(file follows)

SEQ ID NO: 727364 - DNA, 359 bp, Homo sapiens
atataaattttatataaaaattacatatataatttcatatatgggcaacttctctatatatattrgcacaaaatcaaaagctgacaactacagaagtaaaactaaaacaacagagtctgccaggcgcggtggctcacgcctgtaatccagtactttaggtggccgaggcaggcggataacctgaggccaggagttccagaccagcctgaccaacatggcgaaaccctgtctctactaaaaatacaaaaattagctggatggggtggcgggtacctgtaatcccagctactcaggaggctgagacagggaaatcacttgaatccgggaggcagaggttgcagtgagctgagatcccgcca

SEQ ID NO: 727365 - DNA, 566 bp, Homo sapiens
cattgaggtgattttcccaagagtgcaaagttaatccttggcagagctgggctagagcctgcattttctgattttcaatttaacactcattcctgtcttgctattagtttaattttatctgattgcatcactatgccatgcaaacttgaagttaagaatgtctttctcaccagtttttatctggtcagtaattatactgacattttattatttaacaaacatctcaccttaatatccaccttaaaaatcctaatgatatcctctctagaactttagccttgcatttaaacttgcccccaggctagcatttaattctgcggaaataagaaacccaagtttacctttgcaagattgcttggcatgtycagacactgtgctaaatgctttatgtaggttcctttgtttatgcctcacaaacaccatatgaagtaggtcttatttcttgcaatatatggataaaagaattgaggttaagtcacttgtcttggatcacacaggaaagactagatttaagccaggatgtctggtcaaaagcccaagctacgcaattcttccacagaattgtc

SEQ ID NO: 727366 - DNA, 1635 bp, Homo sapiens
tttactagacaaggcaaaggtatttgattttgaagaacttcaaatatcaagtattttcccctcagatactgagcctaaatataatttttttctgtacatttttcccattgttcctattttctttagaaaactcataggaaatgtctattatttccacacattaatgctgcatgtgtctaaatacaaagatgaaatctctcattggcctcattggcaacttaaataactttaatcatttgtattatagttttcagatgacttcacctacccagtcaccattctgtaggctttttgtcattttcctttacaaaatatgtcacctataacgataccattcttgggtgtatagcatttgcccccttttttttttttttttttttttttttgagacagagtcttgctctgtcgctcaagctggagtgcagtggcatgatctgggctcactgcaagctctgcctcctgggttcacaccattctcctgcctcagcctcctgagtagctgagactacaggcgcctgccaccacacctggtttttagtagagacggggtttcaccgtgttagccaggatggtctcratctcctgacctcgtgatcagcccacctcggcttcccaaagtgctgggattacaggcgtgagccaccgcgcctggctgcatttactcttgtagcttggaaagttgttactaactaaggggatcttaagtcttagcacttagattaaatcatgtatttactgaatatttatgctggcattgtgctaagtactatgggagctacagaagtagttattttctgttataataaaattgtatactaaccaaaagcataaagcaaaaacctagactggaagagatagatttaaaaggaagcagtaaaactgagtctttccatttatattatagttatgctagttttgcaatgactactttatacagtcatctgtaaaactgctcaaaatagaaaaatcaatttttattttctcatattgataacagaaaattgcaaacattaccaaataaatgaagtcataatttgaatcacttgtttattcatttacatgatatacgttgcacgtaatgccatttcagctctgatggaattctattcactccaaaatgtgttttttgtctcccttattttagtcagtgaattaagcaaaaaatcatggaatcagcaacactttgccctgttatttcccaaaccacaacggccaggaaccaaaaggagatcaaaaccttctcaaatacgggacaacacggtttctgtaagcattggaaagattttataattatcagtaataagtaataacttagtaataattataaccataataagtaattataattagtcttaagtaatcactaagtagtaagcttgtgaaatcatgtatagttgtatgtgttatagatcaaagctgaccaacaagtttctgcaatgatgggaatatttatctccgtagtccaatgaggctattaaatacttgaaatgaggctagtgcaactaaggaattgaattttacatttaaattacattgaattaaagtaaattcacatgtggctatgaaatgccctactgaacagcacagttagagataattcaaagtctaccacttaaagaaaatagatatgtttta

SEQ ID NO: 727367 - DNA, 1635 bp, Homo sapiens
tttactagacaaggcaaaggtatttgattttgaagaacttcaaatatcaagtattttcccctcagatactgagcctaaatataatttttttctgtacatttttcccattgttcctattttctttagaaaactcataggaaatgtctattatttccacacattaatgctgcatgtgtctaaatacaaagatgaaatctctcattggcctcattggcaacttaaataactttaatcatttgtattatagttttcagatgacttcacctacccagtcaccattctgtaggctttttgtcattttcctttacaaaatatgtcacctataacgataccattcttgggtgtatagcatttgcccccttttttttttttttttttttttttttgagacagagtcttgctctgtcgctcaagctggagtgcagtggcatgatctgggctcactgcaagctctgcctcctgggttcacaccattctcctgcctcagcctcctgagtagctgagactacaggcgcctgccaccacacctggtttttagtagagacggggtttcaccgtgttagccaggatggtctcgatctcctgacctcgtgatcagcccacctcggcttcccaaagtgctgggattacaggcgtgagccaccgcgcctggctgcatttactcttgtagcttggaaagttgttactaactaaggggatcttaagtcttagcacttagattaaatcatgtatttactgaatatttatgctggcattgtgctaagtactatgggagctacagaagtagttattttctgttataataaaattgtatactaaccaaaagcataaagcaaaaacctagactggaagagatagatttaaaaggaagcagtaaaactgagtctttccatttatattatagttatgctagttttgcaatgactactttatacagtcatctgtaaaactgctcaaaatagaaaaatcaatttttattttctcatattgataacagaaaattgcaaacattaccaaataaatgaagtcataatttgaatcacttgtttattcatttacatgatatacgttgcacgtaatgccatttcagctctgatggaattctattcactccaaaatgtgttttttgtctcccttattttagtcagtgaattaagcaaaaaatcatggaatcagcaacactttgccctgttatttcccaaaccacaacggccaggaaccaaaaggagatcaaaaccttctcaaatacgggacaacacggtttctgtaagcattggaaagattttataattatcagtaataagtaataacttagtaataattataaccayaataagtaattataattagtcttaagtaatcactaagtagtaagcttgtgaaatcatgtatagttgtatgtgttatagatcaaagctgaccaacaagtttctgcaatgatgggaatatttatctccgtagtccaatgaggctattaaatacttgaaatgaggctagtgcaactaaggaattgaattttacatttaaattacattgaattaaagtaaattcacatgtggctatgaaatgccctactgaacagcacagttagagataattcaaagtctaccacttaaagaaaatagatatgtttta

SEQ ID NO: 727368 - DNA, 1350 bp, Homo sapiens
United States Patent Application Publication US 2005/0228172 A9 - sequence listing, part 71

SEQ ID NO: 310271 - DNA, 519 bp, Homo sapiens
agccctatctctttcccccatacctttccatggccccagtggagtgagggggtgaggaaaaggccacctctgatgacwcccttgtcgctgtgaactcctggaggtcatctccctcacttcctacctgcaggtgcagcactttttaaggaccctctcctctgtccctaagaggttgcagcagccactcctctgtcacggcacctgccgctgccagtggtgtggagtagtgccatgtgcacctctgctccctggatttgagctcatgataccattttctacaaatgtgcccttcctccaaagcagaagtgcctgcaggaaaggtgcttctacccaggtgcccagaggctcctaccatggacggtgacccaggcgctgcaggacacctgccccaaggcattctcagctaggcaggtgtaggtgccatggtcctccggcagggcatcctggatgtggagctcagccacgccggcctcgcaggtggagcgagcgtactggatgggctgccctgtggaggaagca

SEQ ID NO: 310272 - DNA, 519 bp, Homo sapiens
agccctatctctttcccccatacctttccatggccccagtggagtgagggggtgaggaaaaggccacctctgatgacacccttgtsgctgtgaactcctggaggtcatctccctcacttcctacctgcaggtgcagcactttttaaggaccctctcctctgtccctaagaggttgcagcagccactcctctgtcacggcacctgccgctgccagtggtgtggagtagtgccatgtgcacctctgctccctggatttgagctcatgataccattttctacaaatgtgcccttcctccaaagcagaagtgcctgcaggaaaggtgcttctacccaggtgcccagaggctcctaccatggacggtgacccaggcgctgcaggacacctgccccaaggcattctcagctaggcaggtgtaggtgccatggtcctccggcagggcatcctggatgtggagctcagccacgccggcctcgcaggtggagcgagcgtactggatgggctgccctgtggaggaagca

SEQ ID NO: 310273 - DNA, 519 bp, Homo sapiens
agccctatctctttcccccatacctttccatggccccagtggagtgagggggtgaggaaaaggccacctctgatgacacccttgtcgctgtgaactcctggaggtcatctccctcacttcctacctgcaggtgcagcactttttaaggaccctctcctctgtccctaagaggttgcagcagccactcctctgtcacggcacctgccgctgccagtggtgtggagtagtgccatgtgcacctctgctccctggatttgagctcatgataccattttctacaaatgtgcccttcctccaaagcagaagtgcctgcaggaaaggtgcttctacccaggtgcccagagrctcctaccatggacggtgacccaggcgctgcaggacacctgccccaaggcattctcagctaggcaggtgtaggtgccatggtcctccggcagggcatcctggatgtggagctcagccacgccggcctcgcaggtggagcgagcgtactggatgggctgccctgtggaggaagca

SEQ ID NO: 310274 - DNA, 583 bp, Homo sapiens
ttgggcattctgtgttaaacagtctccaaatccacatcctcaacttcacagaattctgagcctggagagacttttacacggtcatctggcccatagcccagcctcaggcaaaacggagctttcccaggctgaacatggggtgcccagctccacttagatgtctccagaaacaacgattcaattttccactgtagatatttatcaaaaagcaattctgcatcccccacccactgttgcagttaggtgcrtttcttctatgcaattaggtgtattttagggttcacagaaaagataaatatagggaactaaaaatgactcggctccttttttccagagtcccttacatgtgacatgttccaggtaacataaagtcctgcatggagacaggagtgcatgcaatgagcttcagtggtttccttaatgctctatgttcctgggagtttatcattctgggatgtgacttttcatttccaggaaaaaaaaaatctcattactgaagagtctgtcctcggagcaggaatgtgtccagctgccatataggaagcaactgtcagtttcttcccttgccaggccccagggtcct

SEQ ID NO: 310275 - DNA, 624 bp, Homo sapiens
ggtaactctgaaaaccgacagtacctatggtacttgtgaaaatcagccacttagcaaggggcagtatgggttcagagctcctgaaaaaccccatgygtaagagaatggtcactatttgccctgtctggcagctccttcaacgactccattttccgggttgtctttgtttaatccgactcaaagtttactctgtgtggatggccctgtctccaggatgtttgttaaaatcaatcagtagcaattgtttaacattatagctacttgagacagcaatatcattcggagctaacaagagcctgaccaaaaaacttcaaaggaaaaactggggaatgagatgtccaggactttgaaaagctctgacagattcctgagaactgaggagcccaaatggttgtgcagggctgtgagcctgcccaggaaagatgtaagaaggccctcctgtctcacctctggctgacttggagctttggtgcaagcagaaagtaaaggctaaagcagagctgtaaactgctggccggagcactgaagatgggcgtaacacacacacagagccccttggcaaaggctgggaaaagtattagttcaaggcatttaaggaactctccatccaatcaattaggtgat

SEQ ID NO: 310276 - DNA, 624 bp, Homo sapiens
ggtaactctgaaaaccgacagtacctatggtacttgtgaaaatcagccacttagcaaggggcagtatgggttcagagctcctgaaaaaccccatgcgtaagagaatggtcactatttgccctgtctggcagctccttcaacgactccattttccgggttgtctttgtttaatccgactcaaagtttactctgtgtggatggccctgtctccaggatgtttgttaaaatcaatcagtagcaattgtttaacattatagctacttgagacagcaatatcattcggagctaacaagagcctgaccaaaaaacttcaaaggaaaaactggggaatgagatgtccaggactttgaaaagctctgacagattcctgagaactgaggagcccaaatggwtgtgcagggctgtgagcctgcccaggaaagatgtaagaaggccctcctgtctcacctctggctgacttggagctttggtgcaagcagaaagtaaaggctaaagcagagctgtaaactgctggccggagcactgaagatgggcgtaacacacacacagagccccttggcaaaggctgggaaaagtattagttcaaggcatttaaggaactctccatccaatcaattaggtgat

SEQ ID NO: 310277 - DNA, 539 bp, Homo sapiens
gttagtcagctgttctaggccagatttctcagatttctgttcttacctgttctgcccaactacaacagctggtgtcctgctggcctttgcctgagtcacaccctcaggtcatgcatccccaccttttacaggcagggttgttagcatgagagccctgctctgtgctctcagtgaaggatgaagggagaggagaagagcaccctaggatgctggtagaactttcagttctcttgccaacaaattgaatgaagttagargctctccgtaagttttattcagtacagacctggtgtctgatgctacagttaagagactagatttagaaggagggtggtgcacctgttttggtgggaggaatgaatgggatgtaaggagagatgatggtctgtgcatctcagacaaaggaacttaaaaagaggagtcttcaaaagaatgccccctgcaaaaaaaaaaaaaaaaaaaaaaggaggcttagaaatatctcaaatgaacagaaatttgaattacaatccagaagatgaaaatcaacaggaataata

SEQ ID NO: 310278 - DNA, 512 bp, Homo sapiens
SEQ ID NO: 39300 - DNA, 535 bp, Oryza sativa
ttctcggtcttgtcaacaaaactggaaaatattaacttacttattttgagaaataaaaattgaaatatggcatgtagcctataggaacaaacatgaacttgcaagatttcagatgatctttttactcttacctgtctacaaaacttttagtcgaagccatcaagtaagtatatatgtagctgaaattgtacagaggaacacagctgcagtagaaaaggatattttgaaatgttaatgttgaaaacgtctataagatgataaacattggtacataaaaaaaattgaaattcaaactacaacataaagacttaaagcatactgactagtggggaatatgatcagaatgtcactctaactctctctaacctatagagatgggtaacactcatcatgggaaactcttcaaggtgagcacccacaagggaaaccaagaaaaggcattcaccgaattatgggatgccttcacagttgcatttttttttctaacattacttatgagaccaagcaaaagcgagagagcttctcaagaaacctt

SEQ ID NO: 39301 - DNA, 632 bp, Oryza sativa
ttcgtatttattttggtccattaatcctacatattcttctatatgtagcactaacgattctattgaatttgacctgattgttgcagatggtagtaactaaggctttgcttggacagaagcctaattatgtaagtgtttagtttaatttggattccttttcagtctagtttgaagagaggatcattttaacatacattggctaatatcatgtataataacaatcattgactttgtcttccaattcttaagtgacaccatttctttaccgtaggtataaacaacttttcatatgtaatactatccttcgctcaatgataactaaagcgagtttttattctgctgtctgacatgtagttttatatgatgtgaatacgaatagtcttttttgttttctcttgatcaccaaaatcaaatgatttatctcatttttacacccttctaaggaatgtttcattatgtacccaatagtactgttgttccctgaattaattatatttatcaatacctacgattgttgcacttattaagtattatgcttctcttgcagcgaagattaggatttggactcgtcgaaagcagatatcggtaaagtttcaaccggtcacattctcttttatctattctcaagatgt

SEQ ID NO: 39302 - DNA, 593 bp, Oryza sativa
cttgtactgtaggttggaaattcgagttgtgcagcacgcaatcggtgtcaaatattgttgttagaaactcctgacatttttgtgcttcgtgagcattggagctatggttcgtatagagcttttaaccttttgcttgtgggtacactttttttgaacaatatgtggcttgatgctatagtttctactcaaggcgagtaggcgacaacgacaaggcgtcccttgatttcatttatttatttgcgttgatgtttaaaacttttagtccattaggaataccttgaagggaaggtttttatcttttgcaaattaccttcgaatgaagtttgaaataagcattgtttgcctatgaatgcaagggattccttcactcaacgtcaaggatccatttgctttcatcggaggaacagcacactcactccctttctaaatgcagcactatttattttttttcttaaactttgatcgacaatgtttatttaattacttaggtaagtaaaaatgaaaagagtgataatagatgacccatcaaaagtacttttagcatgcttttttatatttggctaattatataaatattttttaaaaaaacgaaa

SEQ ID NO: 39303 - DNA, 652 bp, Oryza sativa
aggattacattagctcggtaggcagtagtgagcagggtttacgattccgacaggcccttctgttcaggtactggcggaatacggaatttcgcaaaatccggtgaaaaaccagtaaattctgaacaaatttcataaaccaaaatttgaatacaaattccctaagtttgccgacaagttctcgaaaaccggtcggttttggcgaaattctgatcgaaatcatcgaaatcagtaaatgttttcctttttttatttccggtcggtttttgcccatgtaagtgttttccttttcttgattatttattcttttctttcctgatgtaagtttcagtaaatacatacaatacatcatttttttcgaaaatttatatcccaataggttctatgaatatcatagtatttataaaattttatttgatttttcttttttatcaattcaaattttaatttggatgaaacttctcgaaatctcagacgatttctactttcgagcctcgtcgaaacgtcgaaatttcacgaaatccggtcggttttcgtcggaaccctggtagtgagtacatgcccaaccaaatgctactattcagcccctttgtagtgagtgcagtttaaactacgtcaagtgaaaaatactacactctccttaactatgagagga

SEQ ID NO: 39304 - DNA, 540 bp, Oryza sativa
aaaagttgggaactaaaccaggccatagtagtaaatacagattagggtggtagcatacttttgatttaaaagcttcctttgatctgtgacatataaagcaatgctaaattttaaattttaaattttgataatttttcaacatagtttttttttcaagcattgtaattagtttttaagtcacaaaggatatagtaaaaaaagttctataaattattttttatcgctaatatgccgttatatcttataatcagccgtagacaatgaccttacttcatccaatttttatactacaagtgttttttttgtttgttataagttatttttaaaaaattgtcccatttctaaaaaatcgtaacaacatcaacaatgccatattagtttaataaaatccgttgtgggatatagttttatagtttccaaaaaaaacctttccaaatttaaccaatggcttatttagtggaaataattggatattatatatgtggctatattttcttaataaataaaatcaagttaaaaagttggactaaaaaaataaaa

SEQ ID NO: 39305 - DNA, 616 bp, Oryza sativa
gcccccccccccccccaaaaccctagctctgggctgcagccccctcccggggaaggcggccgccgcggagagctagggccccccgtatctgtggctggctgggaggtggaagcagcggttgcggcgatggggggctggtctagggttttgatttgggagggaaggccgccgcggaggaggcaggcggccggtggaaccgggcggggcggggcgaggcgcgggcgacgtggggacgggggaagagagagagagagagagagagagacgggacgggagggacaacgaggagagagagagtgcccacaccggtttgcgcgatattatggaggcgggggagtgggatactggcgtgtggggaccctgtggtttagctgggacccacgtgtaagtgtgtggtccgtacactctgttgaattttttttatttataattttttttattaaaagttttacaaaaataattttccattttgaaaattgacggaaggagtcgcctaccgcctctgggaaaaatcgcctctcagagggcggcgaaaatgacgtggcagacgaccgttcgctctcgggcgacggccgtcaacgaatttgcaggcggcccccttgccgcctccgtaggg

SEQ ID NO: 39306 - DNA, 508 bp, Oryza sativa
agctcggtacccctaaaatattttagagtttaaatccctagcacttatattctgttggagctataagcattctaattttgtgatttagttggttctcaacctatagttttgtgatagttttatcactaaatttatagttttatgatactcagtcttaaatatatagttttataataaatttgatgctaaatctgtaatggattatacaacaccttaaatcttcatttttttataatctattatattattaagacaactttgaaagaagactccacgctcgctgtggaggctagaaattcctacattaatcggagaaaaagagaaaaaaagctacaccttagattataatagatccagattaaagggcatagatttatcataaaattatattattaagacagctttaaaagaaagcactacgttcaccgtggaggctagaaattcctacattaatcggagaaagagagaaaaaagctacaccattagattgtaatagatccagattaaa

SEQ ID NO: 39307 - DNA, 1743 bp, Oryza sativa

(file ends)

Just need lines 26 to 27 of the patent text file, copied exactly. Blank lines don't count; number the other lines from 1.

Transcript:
SEQ ID NO: 39300 - DNA, 535 bp, Oryza sativa
ttctcggtcttgtcaacaaaactggaaaatattaacttacttattttgagaaataaaaattgaaatatggcatgtagcctataggaacaaacatgaacttgcaagatttcagatgatctttttactcttacctgtctacaaaacttttagtcgaagccatcaagtaagtatatatgtagctgaaattgtacagaggaacacagctgcagtagaaaaggatattttgaaatgttaatgttgaaaacgtctataagatgataaacattggtacataaaaaaaattgaaattcaaactacaacataaagacttaaagcatactgactagtggggaatatgatcagaatgtcactctaactctctctaacctatagagatgggtaacactcatcatgggaaactcttcaaggtgagcacccacaagggaaaccaagaaaaggcattcaccgaattatgggatgccttcacagttgcatttttttttctaacattacttatgagaccaagcaaaagcgagagagcttctcaagaaacctt